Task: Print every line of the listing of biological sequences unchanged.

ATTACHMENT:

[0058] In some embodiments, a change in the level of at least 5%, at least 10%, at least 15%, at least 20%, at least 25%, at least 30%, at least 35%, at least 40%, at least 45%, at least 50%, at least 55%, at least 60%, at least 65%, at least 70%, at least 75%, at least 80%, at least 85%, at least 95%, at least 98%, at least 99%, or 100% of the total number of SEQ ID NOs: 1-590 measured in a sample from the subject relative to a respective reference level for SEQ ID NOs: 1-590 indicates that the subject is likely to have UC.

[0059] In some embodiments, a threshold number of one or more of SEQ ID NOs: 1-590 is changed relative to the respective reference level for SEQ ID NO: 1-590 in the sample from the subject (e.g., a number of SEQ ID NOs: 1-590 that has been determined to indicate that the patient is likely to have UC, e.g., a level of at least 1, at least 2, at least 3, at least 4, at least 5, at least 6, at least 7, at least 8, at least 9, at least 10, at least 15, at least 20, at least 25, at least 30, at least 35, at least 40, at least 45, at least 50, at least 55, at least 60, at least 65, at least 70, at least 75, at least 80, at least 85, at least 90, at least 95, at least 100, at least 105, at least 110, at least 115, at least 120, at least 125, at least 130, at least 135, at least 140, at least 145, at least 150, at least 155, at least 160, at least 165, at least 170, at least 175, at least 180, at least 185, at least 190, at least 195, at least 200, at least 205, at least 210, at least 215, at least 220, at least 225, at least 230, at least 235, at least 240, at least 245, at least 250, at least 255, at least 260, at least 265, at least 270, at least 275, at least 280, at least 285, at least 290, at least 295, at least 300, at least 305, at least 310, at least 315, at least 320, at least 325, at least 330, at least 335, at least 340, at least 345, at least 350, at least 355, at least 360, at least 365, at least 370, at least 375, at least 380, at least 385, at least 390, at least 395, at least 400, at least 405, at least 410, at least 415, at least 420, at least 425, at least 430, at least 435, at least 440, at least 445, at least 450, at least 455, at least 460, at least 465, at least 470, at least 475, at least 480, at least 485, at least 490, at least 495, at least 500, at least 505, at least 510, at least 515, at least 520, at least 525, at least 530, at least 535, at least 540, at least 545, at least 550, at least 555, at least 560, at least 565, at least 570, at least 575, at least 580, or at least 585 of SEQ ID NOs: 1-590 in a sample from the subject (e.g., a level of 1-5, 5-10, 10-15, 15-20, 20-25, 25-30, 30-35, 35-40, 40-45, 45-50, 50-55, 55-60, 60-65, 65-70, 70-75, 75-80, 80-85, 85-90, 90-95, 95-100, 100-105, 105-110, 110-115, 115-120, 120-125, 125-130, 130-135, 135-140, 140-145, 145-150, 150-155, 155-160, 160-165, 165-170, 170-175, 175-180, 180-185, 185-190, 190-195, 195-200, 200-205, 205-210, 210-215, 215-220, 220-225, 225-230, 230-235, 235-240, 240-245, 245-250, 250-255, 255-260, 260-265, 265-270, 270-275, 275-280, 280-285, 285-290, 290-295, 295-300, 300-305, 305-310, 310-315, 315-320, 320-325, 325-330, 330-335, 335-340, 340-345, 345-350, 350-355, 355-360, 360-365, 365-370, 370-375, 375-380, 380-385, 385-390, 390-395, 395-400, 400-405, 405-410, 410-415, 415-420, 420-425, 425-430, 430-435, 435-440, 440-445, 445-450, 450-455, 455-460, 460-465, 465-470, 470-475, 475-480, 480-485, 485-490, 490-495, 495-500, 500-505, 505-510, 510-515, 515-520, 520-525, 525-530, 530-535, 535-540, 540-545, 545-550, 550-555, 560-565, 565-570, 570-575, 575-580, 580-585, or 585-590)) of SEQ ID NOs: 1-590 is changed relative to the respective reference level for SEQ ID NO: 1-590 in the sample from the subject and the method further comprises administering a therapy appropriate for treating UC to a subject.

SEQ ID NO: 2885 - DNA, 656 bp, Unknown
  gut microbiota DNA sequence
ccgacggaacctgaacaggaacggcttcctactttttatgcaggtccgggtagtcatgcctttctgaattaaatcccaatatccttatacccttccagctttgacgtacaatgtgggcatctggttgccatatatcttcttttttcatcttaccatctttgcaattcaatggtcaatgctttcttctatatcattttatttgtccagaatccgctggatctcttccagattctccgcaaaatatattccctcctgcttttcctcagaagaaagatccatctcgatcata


[0058] In some embodiments, a change in the level of at least 5%, at least 10%, at least 15%, at least 20%, at least 25%, at least 30%, at least 35%, at least 40%, at least 45%, at least 50%, at least 55%, at least 60%, at least 65%, at least 70%, at least 75%, at least 80%, at least 85%, at least 95%, at least 98%, at least 99%, or 100% of the total number of SEQ ID NOs: 1-590 measured in a sample from the subject relative to a respective reference level for SEQ ID NOs: 1-590 indicates that the subject is likely to have UC.

[0059] In some embodiments, a threshold number of one or more of SEQ ID NOs: 1-590 is changed relative to the respective reference level for SEQ ID NO: 1-590 in the sample from the subject (e.g., a number of SEQ ID NOs: 1-590 that has been determined to indicate that the patient is likely to have UC, e.g., a level of at least 1, at least 2, at least 3, at least 4, at least 5, at least 6, at least 7, at least 8, at least 9, at least 10, at least 15, at least 20, at least 25, at least 30, at least 35, at least 40, at least 45, at least 50, at least 55, at least 60, at least 65, at least 70, at least 75, at least 80, at least 85, at least 90, at least 95, at least 100, at least 105, at least 110, at least 115, at least 120, at least 125, at least 130, at least 135, at least 140, at least 145, at least 150, at least 155, at least 160, at least 165, at least 170, at least 175, at least 180, at least 185, at least 190, at least 195, at least 200, at least 205, at least 210, at least 215, at least 220, at least 225, at least 230, at least 235, at least 240, at least 245, at least 250, at least 255, at least 260, at least 265, at least 270, at least 275, at least 280, at least 285, at least 290, at least 295, at least 300, at least 305, at least 310, at least 315, at least 320, at least 325, at least 330, at least 335, at least 340, at least 345, at least 350, at least 355, at least 360, at least 365, at least 370, at least 375, at least 380, at least 385, at least 390, at least 395, at least 400, at least 405, at least 410, at least 415, at least 420, at least 425, at least 430, at least 435, at least 440, at least 445, at least 450, at least 455, at least 460, at least 465, at least 470, at least 475, at least 480, at least 485, at least 490, at least 495, at least 500, at least 505, at least 510, at least 515, at least 520, at least 525, at least 530, at least 535, at least 540, at least 545, at least 550, at least 555, at least 560, at least 565, at least 570, at least 575, at least 580, or at least 585 of SEQ ID NOs: 1-590 in a sample from the subject (e.g., a level of 1-5, 5-10, 10-15, 15-20, 20-25, 25-30, 30-35, 35-40, 40-45, 45-50, 50-55, 55-60, 60-65, 65-70, 70-75, 75-80, 80-85, 85-90, 90-95, 95-100, 100-105, 105-110, 110-115, 115-120, 120-125, 125-130, 130-135, 135-140, 140-145, 145-150, 150-155, 155-160, 160-165, 165-170, 170-175, 175-180, 180-185, 185-190, 190-195, 195-200, 200-205, 205-210, 210-215, 215-220, 220-225, 225-230, 230-235, 235-240, 240-245, 245-250, 250-255, 255-260, 260-265, 265-270, 270-275, 275-280, 280-285, 285-290, 290-295, 295-300, 300-305, 305-310, 310-315, 315-320, 320-325, 325-330, 330-335, 335-340, 340-345, 345-350, 350-355, 355-360, 360-365, 365-370, 370-375, 375-380, 380-385, 385-390, 390-395, 395-400, 400-405, 405-410, 410-415, 415-420, 420-425, 425-430, 430-435, 435-440, 440-445, 445-450, 450-455, 455-460, 460-465, 465-470, 470-475, 475-480, 480-485, 485-490, 490-495, 495-500, 500-505, 505-510, 510-515, 515-520, 520-525, 525-530, 530-535, 535-540, 540-545, 545-550, 550-555, 560-565, 565-570, 570-575, 575-580, 580-585, or 585-590)) of SEQ ID NOs: 1-590 is changed relative to the respective reference level for SEQ ID NO: 1-590 in the sample from the subject and the method further comprises administering a therapy appropriate for treating UC to a subject.

SEQ ID NO: 2885 - DNA, 656 bp, Unknown
  gut microbiota DNA sequence
ccgacggaacctgaacaggaacggcttcctactttttatgcaggtccgggtagtcatgcctttctgaattaaatcccaatatccttatacccttccagctttgacgtacaatgtgggcatctggttgccatatatcttcttttttcatcttaccatctttgcaattcaatggtcaatgctttcttctatatcattttatttgtccagaatccgctggatctcttccagattctccgcaaaatatattccctcctgcttttcctcagaagaaagatccatctcgatcata